GSI Analysis: September ’22 Jobs Report – New Jersey Job Numbers Soft Despite Plunge in Unemployment Rate
- Private-sector jobs fall for first time since the worst of the pandemic
- Sharp drop in the unemployment rate reflects decline in labor force, as well as increase in numbers working
- Sharp decline in construction, as government jobs grow
MORRISTOWN, NJ – On October 20th, New Jersey’s Department of Labor and Workforce Development issued the monthly jobs report for September 2022. Dr. Charles Steindel, former Chief Economist of the State of New Jersey, analyzed the report for the Garden State Initiative:
New Jersey’s labor market numbers in September were noticeably softer than the strong ones we have been seeing. The state’s job count did rise by 3,800, but this was smaller than the 5,400 downward revision to August (the August gain is now reported to have been 10,000 vs. the 15,400 initially reported). Moreover, September’s increase was entirely due to an unusually large 8,200 increase in government jobs (we don’t yet know what the source of that was). Private-sector jobs fell by 4,400, which marks the first decline since April 2020.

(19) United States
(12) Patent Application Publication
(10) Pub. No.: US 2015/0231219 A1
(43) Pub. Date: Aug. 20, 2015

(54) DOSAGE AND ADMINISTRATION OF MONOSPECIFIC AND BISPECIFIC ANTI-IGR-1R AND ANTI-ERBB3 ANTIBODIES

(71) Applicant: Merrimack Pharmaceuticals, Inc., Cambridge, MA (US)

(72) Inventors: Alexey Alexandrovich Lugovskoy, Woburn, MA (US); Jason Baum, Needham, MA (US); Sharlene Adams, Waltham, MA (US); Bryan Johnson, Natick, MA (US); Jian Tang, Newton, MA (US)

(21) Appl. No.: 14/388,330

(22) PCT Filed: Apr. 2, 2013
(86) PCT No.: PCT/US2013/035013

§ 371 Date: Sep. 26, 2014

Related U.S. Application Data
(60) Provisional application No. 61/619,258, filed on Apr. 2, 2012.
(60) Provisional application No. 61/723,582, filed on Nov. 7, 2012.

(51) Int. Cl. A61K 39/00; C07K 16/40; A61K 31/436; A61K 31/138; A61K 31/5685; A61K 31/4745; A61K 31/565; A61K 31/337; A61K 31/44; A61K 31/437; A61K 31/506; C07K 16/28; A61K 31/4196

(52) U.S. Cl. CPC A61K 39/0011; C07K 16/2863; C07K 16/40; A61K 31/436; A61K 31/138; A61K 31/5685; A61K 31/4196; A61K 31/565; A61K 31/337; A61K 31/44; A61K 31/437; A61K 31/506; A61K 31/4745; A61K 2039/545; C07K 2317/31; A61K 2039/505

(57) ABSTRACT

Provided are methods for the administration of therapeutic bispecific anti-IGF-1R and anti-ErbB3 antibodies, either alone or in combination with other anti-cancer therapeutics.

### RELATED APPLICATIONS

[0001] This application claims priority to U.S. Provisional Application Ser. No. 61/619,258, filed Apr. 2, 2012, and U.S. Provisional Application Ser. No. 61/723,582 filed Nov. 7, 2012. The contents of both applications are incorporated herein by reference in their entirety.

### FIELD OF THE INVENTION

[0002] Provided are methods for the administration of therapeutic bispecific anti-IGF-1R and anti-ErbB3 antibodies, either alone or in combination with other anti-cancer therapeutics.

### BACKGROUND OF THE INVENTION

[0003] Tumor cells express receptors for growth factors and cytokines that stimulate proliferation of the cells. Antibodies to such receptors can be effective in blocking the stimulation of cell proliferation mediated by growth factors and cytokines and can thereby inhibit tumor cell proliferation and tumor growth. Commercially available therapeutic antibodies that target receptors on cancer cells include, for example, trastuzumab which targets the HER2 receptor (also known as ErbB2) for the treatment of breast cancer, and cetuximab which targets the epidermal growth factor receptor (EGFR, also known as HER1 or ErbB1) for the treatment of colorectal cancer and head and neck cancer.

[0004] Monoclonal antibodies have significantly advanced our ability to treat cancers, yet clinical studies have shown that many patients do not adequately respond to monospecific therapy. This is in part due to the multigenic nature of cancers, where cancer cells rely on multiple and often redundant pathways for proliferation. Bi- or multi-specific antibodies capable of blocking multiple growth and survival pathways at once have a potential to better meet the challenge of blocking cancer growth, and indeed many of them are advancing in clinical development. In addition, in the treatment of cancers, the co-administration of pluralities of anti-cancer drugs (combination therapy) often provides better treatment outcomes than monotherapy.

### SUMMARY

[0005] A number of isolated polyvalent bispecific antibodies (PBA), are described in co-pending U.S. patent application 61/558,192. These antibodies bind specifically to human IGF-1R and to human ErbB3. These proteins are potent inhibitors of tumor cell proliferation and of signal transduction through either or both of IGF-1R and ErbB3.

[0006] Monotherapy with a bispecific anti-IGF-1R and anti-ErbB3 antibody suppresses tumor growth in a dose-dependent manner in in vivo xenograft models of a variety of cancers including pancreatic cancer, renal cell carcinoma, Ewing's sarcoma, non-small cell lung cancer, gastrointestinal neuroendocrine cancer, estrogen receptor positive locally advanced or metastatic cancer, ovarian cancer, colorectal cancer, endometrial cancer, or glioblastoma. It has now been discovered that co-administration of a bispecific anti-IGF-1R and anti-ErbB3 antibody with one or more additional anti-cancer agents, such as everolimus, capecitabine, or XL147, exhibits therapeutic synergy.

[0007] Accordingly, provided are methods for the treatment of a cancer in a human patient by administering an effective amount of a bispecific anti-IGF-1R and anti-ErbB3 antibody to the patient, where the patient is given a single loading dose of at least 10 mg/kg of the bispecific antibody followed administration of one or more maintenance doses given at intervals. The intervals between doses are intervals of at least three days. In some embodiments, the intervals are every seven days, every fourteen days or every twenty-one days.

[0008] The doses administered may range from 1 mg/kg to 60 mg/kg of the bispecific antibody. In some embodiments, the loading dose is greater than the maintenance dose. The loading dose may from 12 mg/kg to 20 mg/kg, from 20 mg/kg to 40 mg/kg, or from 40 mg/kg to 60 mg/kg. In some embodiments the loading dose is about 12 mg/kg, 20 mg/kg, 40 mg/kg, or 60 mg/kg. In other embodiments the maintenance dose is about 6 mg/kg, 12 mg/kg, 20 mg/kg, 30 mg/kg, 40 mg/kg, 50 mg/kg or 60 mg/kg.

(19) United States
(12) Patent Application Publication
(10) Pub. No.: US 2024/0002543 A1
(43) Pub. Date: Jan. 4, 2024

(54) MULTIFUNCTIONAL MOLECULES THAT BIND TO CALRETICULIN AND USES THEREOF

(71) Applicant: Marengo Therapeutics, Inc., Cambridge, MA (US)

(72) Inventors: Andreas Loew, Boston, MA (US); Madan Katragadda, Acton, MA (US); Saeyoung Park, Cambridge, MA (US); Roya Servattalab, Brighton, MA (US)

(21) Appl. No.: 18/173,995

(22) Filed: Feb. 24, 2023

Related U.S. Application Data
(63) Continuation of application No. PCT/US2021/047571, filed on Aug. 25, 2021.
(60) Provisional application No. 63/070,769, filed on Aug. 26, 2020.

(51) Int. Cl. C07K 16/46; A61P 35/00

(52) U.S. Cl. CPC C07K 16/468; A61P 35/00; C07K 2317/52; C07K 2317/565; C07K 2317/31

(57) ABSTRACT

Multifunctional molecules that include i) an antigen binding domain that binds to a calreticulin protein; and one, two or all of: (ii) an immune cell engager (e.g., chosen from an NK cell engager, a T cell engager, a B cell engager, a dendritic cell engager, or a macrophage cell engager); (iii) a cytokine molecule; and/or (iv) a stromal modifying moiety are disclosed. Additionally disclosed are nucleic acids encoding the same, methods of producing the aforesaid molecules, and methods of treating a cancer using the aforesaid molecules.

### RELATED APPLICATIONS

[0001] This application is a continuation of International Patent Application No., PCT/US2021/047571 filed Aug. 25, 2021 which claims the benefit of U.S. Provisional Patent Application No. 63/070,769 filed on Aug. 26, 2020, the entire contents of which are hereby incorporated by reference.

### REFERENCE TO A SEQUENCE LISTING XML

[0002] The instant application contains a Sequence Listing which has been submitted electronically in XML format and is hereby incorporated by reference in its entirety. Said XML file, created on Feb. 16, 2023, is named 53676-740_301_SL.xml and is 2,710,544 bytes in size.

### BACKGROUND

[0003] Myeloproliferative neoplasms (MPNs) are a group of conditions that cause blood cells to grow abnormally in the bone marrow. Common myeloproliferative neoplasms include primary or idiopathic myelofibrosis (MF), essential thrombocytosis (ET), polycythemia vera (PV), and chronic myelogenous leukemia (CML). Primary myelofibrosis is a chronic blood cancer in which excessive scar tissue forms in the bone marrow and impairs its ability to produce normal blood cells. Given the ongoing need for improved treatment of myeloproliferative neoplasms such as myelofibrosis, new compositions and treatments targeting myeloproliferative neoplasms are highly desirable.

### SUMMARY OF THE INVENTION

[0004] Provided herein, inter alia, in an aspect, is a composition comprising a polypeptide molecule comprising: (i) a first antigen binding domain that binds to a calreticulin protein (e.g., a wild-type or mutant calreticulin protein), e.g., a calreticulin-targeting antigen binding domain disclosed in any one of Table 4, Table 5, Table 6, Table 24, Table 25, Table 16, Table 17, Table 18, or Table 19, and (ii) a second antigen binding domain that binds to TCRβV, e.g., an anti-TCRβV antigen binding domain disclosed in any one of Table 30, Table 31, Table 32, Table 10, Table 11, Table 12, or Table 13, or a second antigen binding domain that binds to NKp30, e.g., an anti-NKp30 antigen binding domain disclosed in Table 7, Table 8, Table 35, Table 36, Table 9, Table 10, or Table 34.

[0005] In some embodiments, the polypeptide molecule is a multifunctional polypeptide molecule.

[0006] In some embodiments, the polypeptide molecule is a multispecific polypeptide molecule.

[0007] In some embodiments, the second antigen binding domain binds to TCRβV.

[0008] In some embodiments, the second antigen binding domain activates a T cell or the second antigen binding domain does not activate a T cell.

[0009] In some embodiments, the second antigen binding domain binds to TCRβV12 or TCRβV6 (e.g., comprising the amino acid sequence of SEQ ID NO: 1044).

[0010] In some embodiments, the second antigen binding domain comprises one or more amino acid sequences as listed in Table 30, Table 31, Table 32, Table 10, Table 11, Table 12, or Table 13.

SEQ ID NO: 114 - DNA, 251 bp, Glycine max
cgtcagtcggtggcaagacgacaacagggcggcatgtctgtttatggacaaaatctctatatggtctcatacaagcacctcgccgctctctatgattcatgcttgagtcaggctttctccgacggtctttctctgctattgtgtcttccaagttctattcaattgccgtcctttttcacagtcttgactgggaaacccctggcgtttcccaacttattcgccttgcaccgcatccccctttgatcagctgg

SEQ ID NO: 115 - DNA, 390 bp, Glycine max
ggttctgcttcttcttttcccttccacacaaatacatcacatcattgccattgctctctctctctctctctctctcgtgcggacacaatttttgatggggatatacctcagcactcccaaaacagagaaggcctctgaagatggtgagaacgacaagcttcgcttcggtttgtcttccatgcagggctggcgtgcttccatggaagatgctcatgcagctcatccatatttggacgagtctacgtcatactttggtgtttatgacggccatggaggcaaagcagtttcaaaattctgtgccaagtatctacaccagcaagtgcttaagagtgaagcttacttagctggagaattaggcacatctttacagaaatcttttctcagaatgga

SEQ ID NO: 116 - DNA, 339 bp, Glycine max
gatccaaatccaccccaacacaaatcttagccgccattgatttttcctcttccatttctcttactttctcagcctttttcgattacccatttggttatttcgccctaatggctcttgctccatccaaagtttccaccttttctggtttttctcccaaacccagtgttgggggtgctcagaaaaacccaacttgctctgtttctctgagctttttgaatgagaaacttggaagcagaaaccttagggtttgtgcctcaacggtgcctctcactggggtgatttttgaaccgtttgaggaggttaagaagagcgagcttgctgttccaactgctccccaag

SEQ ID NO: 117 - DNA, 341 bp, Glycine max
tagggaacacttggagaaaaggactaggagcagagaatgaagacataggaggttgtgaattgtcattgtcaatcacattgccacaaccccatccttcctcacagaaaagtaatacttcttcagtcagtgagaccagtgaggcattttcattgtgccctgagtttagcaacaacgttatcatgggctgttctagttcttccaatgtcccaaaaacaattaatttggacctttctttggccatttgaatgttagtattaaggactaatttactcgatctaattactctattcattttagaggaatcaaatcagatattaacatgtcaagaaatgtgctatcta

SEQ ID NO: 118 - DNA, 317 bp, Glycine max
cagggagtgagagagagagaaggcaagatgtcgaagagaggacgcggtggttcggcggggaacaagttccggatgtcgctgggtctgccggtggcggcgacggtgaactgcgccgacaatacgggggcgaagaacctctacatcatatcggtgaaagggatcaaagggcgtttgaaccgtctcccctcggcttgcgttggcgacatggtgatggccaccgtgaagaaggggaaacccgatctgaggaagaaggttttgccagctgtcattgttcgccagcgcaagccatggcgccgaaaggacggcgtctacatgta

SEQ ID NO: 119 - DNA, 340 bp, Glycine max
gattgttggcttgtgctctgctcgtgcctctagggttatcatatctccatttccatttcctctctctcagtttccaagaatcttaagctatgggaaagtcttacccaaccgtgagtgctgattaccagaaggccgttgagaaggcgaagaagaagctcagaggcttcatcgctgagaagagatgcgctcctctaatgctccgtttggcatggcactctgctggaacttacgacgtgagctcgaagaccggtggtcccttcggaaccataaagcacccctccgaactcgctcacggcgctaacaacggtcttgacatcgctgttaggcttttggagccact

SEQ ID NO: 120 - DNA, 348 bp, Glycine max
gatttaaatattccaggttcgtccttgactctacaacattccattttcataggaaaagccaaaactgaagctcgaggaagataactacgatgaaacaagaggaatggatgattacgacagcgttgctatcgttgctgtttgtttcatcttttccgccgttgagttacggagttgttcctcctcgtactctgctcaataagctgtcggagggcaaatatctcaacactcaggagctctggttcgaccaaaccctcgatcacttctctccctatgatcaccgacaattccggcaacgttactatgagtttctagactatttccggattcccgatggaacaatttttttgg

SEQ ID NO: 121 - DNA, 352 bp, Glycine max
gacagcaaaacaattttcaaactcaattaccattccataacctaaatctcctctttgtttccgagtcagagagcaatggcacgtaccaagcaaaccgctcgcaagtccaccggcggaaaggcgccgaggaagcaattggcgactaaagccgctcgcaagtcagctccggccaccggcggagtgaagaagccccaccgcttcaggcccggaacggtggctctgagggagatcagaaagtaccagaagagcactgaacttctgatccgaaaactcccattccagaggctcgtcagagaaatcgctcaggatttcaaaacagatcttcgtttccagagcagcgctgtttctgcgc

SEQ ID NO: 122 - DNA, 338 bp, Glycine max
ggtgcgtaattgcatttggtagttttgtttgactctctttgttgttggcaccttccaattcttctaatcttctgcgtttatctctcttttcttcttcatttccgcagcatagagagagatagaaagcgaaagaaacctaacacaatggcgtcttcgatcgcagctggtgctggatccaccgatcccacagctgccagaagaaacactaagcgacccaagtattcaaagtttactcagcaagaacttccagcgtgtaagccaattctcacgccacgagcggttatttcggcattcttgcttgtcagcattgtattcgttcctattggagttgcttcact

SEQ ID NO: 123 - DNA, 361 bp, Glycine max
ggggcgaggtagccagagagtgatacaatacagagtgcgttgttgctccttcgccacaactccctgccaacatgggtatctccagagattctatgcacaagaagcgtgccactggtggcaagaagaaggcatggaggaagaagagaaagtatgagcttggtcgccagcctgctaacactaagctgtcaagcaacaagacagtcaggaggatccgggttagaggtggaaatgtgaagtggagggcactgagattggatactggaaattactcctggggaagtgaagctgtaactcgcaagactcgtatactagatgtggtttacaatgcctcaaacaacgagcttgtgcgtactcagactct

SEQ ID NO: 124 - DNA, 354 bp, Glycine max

Perhaps the most striking loss of jobs was in construction, which was down by 2,700 (1.7%). With the strong likelihood that homebuilding, and all other projects primarily financed by borrowing, will be under downward pressure, a quick rebound here seems unlikely. The only sector to see a particularly noticeable gain was “other services,” which is a grab-bag of areas, such as maintenance and repair, personal services (e.g.: barbershops, hair salons), and charitable and social organizations.
New Jersey’s unemployment rate did fall very sharply in September, from 4.0% to 3.3%, the lowest rate since June 2019. September was the first month since March 2020 that New Jersey’s unemployment rate was below the nation’s (it’s very unlikely that the difference from the national 3.5% is statistically significant). The number of residents working increased by a strong 16,600 and is now less than 50,000 below its pre-pandemic level. However, the labor force, which had appeared to be on an uptrend in recent months, fell 17,500, reversing most of the exceptionally large increase seen in August. About half the drop in the unemployment rate reflects the gain in employment, and half the drop in the labor force.
The U.S. Bureau of Labor Statistics will issue its monthly “State Employment and Unemployment” report on Friday, October 21st, which offers a comparison of how New Jersey is faring relative to other states.